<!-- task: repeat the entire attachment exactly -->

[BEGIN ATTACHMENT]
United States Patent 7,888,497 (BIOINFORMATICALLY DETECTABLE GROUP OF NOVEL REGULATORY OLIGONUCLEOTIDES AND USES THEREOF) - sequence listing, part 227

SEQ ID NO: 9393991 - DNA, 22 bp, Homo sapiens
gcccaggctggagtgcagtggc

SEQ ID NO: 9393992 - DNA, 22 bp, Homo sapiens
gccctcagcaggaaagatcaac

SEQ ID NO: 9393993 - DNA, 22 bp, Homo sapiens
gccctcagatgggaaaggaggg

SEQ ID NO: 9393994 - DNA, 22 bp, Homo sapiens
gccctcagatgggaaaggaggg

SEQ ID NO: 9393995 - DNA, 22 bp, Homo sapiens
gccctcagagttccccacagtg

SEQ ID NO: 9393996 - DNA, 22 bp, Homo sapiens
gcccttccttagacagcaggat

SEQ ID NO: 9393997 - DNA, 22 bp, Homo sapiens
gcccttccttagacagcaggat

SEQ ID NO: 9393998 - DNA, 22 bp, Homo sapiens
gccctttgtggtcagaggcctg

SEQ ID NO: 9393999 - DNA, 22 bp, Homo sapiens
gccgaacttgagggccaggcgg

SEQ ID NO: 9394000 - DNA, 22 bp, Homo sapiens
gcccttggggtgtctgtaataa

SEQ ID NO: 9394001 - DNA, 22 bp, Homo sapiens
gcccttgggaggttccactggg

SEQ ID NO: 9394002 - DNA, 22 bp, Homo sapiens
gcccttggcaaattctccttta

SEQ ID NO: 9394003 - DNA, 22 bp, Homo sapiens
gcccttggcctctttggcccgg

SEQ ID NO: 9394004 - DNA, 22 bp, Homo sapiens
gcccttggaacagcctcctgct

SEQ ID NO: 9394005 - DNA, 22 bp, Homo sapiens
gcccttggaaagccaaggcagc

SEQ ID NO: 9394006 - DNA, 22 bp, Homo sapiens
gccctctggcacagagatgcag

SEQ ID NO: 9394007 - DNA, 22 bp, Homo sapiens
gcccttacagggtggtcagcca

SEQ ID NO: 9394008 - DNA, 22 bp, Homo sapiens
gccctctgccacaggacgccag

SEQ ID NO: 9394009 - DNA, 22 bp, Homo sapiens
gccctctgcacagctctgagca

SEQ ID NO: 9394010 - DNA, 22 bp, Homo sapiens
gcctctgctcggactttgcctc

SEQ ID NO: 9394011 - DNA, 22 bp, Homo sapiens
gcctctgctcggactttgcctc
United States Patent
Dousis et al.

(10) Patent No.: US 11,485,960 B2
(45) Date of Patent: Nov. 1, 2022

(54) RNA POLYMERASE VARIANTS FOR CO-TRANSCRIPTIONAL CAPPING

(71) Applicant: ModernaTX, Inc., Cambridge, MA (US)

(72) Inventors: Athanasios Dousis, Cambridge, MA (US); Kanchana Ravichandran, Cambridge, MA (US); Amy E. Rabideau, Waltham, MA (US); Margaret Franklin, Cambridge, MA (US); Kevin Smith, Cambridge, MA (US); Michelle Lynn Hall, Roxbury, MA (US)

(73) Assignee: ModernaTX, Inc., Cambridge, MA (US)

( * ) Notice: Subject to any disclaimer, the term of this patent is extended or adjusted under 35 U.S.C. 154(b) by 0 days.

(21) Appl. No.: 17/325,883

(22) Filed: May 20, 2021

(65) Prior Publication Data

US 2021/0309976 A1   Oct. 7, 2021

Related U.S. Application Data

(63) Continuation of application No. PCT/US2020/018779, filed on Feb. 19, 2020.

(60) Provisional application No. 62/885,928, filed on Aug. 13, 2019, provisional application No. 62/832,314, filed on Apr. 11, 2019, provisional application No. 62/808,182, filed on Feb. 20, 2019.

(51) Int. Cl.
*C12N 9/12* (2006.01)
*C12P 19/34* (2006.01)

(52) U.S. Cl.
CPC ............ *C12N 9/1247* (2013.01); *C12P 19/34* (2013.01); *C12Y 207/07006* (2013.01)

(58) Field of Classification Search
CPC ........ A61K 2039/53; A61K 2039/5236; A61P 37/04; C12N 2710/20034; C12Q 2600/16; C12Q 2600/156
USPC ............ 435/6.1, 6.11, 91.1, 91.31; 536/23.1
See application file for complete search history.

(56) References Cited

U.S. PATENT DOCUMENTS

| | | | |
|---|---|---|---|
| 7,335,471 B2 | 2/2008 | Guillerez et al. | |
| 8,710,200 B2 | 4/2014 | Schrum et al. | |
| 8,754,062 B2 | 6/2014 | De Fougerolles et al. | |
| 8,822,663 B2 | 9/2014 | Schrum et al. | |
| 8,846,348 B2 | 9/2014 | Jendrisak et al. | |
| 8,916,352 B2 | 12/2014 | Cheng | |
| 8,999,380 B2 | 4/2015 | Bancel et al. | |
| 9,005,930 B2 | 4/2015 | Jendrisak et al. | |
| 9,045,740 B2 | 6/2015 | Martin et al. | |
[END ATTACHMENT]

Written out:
United States Patent 7,888,497 (BIOINFORMATICALLY DETECTABLE GROUP OF NOVEL REGULATORY OLIGONUCLEOTIDES AND USES THEREOF) - sequence listing, part 227

SEQ ID NO: 9393991 - DNA, 22 bp, Homo sapiens
gcccaggctggagtgcagtggc

SEQ ID NO: 9393992 - DNA, 22 bp, Homo sapiens
gccctcagcaggaaagatcaac

SEQ ID NO: 9393993 - DNA, 22 bp, Homo sapiens
gccctcagatgggaaaggaggg

SEQ ID NO: 9393994 - DNA, 22 bp, Homo sapiens
gccctcagatgggaaaggaggg

SEQ ID NO: 9393995 - DNA, 22 bp, Homo sapiens
gccctcagagttccccacagtg

SEQ ID NO: 9393996 - DNA, 22 bp, Homo sapiens
gcccttccttagacagcaggat

SEQ ID NO: 9393997 - DNA, 22 bp, Homo sapiens
gcccttccttagacagcaggat

SEQ ID NO: 9393998 - DNA, 22 bp, Homo sapiens
gccctttgtggtcagaggcctg

SEQ ID NO: 9393999 - DNA, 22 bp, Homo sapiens
gccgaacttgagggccaggcgg

SEQ ID NO: 9394000 - DNA, 22 bp, Homo sapiens
gcccttggggtgtctgtaataa

SEQ ID NO: 9394001 - DNA, 22 bp, Homo sapiens
gcccttgggaggttccactggg

SEQ ID NO: 9394002 - DNA, 22 bp, Homo sapiens
gcccttggcaaattctccttta

SEQ ID NO: 9394003 - DNA, 22 bp, Homo sapiens
gcccttggcctctttggcccgg

SEQ ID NO: 9394004 - DNA, 22 bp, Homo sapiens
gcccttggaacagcctcctgct

SEQ ID NO: 9394005 - DNA, 22 bp, Homo sapiens
gcccttggaaagccaaggcagc

SEQ ID NO: 9394006 - DNA, 22 bp, Homo sapiens
gccctctggcacagagatgcag

SEQ ID NO: 9394007 - DNA, 22 bp, Homo sapiens
gcccttacagggtggtcagcca

SEQ ID NO: 9394008 - DNA, 22 bp, Homo sapiens
gccctctgccacaggacgccag

SEQ ID NO: 9394009 - DNA, 22 bp, Homo sapiens
gccctctgcacagctctgagca

SEQ ID NO: 9394010 - DNA, 22 bp, Homo sapiens
gcctctgctcggactttgcctc

SEQ ID NO: 9394011 - DNA, 22 bp, Homo sapiens
gcctctgctcggactttgcctc
United States Patent
Dousis et al.

(10) Patent No.: US 11,485,960 B2
(45) Date of Patent: Nov. 1, 2022

(54) RNA POLYMERASE VARIANTS FOR CO-TRANSCRIPTIONAL CAPPING

(71) Applicant: ModernaTX, Inc., Cambridge, MA (US)

(72) Inventors: Athanasios Dousis, Cambridge, MA (US); Kanchana Ravichandran, Cambridge, MA (US); Amy E. Rabideau, Waltham, MA (US); Margaret Franklin, Cambridge, MA (US); Kevin Smith, Cambridge, MA (US); Michelle Lynn Hall, Roxbury, MA (US)

(73) Assignee: ModernaTX, Inc., Cambridge, MA (US)

( * ) Notice: Subject to any disclaimer, the term of this patent is extended or adjusted under 35 U.S.C. 154(b) by 0 days.

(21) Appl. No.: 17/325,883

(22) Filed: May 20, 2021

(65) Prior Publication Data

US 2021/0309976 A1   Oct. 7, 2021

Related U.S. Application Data

(63) Continuation of application No. PCT/US2020/018779, filed on Feb. 19, 2020.

(60) Provisional application No. 62/885,928, filed on Aug. 13, 2019, provisional application No. 62/832,314, filed on Apr. 11, 2019, provisional application No. 62/808,182, filed on Feb. 20, 2019.

(51) Int. Cl.
*C12N 9/12* (2006.01)
*C12P 19/34* (2006.01)

(52) U.S. Cl.
CPC ............ *C12N 9/1247* (2013.01); *C12P 19/34* (2013.01); *C12Y 207/07006* (2013.01)

(58) Field of Classification Search
CPC ........ A61K 2039/53; A61K 2039/5236; A61P 37/04; C12N 2710/20034; C12Q 2600/16; C12Q 2600/156
USPC ............ 435/6.1, 6.11, 91.1, 91.31; 536/23.1
See application file for complete search history.

(56) References Cited

U.S. PATENT DOCUMENTS

| | | | |
|---|---|---|---|
| 7,335,471 B2 | 2/2008 | Guillerez et al. | |
| 8,710,200 B2 | 4/2014 | Schrum et al. | |
| 8,754,062 B2 | 6/2014 | De Fougerolles et al. | |
| 8,822,663 B2 | 9/2014 | Schrum et al. | |
| 8,846,348 B2 | 9/2014 | Jendrisak et al. | |
| 8,916,352 B2 | 12/2014 | Cheng | |
| 8,999,380 B2 | 4/2015 | Bancel et al. | |
| 9,005,930 B2 | 4/2015 | Jendrisak et al. | |
| 9,045,740 B2 | 6/2015 | Martin et al. | |